Echo: Landmark - a shot of the pier in the early 1900sLandmark - a shot of the pier in the early 1900s (Image: Newsquest)

9. In 1904 George Reeves, a hotel owner visiting Southend from London was travelling on the conductor’s platform on an electric car on the pier when he fell and grasped the brake-wheel. He was electrocuted so badly the fingers on his left hand were burned to the bone and his right hand was singed.

10. Many ships and barges have crashed into the pier over the years. In December 1907 A hay barge named ‘the Robert’ on its way from Rochford to Greenwich, slammed into the pier. The crew, including the captain and his dog, had to jump to safety. In 1908, a hulk ship named The Marlborough broke free of its mooring during a gale and crashed into the south side of the pier. In 1933 the barge, Matilda Upton from Ipswich, collided with the pier.

11. In January 18, 1921, the pier was sliced in half by a 200 tonne ship named Violette. The motor-driven, three-masted Violette, which was laden with a cargo of 241 tons of iron girders and logs, crashed into the end of the pier with her engines at full throttle. The ship, which was carrying a crew of eight, was bound from Antwerp to London but had faced increasingly bad weather since she set off. The accident left a 180ft gap on the west side of the pier and dislodged countless wooden piles, causing more than £7,000 of damage.

12. In 1926 a woman named Genevieve Parker tried to drown her son by throwing him off the pier. The boy, named Peter, who was eight, was heard yelling “mummy mummy!” from the waters below. The 42-year-old mum was seen in a distressed state on the pier, pleading with people to save her son and saying “did I throw him in? I don’t know why I did it”. A man named Tom Purbrick who was at the end of the pier jumped in the water and saved the lad. The mother was taken away by police and Peter was looked after by the authorities. At a court hearing the mum yelled out to Peter as he walked into the court: “you still love mummy, don’t you?”. Little Peter didn’t reply. The mum was accused of being ashamed of the boy because he was black, something she denied. After a lot of legal wrangling she was remanded in custody.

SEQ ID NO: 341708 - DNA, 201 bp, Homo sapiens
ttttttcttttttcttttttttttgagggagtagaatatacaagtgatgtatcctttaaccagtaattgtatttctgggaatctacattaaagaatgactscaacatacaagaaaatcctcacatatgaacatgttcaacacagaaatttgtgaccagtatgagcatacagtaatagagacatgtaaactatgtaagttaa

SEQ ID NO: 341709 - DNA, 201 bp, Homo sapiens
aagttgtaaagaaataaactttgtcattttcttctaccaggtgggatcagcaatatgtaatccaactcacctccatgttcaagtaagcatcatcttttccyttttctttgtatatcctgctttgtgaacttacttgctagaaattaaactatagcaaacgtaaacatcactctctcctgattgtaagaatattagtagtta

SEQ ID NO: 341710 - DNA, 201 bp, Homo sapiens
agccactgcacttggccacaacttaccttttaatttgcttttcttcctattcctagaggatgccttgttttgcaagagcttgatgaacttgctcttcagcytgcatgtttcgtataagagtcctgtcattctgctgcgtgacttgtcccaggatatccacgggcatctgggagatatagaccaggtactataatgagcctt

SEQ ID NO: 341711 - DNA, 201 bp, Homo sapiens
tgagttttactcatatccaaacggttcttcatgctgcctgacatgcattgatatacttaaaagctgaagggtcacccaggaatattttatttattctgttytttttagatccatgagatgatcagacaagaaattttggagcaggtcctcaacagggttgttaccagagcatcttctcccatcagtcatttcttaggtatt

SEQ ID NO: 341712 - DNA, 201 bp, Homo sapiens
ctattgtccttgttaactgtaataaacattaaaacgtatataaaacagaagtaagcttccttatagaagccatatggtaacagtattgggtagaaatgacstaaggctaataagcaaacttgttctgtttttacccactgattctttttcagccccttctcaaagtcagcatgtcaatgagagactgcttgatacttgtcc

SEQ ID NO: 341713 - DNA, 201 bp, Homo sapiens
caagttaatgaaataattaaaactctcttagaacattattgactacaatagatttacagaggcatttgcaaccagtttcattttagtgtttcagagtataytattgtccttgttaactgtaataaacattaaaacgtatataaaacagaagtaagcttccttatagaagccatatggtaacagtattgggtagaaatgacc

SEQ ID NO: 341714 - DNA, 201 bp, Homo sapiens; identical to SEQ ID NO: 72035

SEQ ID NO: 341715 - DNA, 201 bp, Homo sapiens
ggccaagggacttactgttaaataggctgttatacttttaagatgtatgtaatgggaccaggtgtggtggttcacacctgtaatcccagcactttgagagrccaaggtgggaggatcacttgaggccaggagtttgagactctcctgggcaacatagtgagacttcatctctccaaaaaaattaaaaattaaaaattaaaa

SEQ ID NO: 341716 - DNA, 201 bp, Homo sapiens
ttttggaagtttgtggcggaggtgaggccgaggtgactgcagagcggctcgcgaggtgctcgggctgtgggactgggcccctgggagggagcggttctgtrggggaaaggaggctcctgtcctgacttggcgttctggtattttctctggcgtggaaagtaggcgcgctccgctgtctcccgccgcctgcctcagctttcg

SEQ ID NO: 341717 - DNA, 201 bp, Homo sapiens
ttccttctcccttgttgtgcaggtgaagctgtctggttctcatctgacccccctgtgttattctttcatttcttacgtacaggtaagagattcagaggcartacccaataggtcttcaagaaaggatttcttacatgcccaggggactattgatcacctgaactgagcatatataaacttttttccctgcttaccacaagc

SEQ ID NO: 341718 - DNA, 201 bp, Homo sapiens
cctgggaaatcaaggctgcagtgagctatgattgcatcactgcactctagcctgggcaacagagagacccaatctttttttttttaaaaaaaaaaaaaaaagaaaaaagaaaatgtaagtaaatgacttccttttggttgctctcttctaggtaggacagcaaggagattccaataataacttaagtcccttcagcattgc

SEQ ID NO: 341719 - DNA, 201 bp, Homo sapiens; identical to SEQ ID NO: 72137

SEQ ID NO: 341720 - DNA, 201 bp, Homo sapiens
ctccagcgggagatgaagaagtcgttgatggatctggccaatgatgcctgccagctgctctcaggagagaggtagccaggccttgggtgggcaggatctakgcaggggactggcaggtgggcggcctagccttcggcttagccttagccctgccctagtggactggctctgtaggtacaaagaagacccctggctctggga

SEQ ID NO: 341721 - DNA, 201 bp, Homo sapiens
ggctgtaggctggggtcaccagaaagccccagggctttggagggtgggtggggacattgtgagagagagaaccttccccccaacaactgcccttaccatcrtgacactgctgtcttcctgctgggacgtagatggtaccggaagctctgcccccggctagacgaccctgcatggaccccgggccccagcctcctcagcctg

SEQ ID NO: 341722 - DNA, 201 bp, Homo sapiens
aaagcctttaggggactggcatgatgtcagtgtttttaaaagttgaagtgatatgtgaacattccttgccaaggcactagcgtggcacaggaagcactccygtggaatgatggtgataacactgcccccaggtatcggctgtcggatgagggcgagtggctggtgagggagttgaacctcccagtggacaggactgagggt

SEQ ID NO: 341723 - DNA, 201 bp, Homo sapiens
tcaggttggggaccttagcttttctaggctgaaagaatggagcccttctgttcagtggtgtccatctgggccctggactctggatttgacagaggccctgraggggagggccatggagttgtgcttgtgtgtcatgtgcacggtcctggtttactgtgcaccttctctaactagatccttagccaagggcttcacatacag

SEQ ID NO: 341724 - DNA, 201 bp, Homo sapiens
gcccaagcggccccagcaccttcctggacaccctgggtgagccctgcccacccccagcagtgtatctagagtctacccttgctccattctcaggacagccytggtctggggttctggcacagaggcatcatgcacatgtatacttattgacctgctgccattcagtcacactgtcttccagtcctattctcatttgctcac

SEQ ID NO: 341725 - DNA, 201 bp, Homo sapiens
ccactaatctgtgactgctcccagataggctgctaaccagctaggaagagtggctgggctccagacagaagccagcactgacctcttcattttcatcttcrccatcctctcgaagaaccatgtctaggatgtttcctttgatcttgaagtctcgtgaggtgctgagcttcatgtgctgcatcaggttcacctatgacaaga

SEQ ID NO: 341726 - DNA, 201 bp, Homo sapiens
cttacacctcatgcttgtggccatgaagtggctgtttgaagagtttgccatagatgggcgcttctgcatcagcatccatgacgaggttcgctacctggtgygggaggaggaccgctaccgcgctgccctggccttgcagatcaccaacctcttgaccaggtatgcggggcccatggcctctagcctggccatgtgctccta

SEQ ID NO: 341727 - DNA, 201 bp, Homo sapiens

13. In 1927 two huge oak chests were strapped to the end of the pier for an entire year. People were bewildered by why they were there and what was inside them. Lots of rumours about the contents spread but the truth was rather mundane. Inside the chests were hundreds of yards of British sisal hemp and manilla hemp. Basically, the materials needed to make rope. There were holes in the chests to let in the water at high tide. It was all an experiment to test the strength of the ropes and hopefully prove that British-made rope was just as good as imported rope and was strong enough to withstand the elements.

14. In August 1930 a group of young women were turned away from Southend Pier because they were wearing beach pyjamas. The party had set off from Canvey but as they tried to dock at the pierhead some of the women were refused entry by a pier official for being ‘indecently clad’. The girls were wearing the latest fashion in beach costumes - bright cretonne trousers and jumpers, no stocking, white shoes and white sailor hats. The young women were not happy and branded the men of Southend “a silly stuffy lot of old fogies”.

15. Alcohol has been part of the pier’s entertainment appeal for many decades, but it wasn’t always so. Booze wasn’t allowed to be served on the pier until after the war. In July 1935 the catering manager at the pier applied to get an occasional licence so that alcoholic drinks could be served during the centenary celebrations of the pier. It was flatly refused.